perChainoption indicates whether to calculate a separate ellipsoid for each chain inatom-spec. IfshowEllipsoidistrue(default), the ellipsoid(s) will be opened as a surface model withmodelIdmodel-number(default the next unused number), containing multiple submodels if there are multiple ellipsoids. Thereplace trueoption allows replacing an existing model when the specifiedmodel-numberis already in use. If ellipsoidcoloris not specified, each ellipsoid will be colored to match the first atom or surface in its calculation.Another way to generate a low-resolution representation of an atomic structure is with

molmap. See also:define,shape ellipsoid, 3D object formats, convex hull recipe

Sum the lengths of all bonds between specified atoms (markers); primarily used to measure the length of traced paths of markers.•

Report the minimum value, maximum value, mean, standard deviation (SD) from the mean, and the root-mean-square (RMS) deviation from zero for the specified volume data models, if any, otherwise all such models. The•stepandsubregionoptions can be used to limit the calculation to a subsample or spatial subregion of the data. The step size must be an integer; 1 indicates all data points (default), 2 indicates every other data point, 3 every third point,etc.If a single number is supplied, it is used along all three axes; if three numbers are supplied (separated by commas but not spaces), they are used along the X, Y, and Z axes, respectively. A subregion can be specified by:The default is to use the current subregion (if cropped) and current step size of each specified map. This command is also implemented as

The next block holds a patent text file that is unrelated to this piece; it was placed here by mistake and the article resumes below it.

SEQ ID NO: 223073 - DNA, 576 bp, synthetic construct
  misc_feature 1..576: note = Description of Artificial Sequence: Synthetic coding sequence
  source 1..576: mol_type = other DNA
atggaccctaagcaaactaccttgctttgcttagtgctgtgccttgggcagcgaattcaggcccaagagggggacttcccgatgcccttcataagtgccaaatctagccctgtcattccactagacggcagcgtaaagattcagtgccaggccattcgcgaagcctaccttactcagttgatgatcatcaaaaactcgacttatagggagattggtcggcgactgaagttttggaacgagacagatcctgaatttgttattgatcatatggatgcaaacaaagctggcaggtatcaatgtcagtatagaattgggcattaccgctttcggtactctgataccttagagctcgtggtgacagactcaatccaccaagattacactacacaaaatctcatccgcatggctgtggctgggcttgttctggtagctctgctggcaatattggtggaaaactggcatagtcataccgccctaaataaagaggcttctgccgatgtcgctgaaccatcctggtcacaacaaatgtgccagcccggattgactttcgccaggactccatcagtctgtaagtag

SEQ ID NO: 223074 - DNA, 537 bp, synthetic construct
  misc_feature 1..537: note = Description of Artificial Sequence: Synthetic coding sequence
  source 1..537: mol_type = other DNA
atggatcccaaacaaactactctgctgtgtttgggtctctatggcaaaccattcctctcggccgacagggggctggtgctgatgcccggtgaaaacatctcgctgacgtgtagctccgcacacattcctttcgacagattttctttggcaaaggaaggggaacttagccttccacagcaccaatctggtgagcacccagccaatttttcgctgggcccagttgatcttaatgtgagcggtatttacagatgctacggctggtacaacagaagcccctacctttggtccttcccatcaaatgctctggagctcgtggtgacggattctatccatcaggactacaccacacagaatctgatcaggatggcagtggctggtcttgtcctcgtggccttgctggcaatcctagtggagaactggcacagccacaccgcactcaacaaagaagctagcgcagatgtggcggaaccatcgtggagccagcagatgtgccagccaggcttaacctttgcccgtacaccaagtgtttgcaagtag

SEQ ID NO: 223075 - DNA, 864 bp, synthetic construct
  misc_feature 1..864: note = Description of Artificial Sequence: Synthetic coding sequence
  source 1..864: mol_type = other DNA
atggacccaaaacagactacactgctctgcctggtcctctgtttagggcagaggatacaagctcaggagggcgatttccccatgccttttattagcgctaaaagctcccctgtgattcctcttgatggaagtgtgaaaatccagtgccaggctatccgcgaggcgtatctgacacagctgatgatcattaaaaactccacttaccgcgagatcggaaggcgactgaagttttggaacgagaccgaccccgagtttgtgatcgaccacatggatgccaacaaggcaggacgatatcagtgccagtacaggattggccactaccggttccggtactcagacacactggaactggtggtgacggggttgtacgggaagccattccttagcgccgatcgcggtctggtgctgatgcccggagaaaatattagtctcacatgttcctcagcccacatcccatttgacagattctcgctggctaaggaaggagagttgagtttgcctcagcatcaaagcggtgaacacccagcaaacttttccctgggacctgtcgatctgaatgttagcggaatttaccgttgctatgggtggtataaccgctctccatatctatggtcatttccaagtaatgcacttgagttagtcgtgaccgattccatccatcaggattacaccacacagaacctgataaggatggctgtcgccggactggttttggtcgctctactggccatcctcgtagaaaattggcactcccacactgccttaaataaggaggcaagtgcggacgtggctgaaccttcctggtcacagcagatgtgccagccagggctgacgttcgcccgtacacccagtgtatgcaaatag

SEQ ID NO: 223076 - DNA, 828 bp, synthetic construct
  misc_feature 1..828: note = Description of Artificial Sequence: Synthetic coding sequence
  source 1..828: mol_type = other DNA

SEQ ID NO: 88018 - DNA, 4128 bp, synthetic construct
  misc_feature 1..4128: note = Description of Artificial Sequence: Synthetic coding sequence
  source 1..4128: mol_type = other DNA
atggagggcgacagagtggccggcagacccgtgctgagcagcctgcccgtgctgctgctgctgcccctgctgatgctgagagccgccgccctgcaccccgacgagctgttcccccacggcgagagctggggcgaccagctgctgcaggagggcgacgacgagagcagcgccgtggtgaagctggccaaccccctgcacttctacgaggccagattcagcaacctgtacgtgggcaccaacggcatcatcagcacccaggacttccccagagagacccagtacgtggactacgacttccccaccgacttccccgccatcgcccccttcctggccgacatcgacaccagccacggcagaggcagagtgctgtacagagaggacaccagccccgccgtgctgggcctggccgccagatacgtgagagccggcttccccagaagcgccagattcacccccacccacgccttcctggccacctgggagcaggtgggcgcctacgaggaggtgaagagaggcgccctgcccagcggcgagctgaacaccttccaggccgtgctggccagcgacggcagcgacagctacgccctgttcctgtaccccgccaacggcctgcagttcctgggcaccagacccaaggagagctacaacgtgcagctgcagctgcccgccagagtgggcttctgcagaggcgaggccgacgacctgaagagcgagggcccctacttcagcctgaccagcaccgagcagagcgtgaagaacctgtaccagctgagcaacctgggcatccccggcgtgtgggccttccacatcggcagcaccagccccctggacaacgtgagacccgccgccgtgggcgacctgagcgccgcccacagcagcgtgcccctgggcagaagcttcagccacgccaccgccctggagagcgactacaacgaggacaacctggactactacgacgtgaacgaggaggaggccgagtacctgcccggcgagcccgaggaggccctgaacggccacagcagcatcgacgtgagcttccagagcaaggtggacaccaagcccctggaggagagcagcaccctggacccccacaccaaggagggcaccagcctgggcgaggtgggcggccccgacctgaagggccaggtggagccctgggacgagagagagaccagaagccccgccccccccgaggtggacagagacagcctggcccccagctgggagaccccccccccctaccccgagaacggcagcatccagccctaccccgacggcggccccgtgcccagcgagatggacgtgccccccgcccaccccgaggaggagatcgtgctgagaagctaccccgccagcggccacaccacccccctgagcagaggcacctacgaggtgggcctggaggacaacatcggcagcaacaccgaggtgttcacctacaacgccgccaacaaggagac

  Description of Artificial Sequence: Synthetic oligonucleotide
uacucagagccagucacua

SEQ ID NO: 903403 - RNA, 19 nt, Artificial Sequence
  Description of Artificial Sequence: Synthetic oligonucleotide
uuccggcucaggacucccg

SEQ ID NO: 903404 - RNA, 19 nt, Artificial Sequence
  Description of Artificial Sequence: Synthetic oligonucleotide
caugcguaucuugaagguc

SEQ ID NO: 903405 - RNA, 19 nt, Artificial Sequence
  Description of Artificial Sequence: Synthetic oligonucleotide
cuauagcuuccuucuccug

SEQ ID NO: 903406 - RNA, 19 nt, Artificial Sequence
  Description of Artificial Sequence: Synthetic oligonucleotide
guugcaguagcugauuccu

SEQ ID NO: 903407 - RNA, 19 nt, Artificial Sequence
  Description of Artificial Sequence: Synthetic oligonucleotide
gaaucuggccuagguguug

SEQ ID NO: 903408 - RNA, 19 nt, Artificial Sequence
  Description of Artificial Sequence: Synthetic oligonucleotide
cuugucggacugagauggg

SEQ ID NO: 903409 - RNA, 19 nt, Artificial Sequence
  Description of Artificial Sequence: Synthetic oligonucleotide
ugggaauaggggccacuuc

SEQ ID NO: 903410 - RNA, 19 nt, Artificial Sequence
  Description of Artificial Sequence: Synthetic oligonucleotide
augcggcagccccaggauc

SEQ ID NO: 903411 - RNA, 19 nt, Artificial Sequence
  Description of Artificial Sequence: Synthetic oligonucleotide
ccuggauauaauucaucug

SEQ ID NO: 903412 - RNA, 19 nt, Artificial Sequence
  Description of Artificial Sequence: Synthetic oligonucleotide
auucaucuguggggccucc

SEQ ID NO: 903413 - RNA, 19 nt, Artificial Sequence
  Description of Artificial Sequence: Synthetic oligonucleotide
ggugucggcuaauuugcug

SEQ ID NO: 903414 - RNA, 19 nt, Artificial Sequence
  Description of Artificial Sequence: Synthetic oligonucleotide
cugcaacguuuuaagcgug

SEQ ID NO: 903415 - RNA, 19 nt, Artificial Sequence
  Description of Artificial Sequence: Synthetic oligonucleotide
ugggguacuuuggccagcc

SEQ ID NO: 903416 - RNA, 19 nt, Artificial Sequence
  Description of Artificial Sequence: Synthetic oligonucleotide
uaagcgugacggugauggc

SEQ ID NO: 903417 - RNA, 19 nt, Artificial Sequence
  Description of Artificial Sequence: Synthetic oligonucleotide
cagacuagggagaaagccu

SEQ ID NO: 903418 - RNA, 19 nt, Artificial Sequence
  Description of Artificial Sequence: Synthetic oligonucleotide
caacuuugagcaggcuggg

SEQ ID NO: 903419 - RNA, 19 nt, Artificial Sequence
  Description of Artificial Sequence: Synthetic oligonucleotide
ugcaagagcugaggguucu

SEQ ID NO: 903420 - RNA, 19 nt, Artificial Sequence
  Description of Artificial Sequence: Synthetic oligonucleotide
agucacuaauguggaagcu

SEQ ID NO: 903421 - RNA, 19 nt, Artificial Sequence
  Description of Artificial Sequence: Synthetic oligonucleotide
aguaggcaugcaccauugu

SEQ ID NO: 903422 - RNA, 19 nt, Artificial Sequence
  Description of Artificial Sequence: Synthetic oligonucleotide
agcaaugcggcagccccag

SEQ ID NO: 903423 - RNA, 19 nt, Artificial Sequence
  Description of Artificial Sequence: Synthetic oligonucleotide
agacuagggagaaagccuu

- grid indices
i1–i2along the X axis,j1–j2along the Y axis, andk1–k2along the Z axis. Grid indices must be integers separated by commas but not spaces.- the word
all, indicating the full extent of the data rather than a subregionMap Statisticsin theVolume Datasection of theToolsmenu.

Calculate volume data (map) values at atom positions and assign them as an atom attribute. The•attribute-nameshould be enclosed in quotation marks if it contains spaces; if no name is supplied,mapvaluewill be used. Atoms that fall outside the map bounds are not assigned values. Assigning an attribute allows coloring the atoms by value withcolor byattribute, specifying them by value in the command line,etc.The new attribute is saved in session files.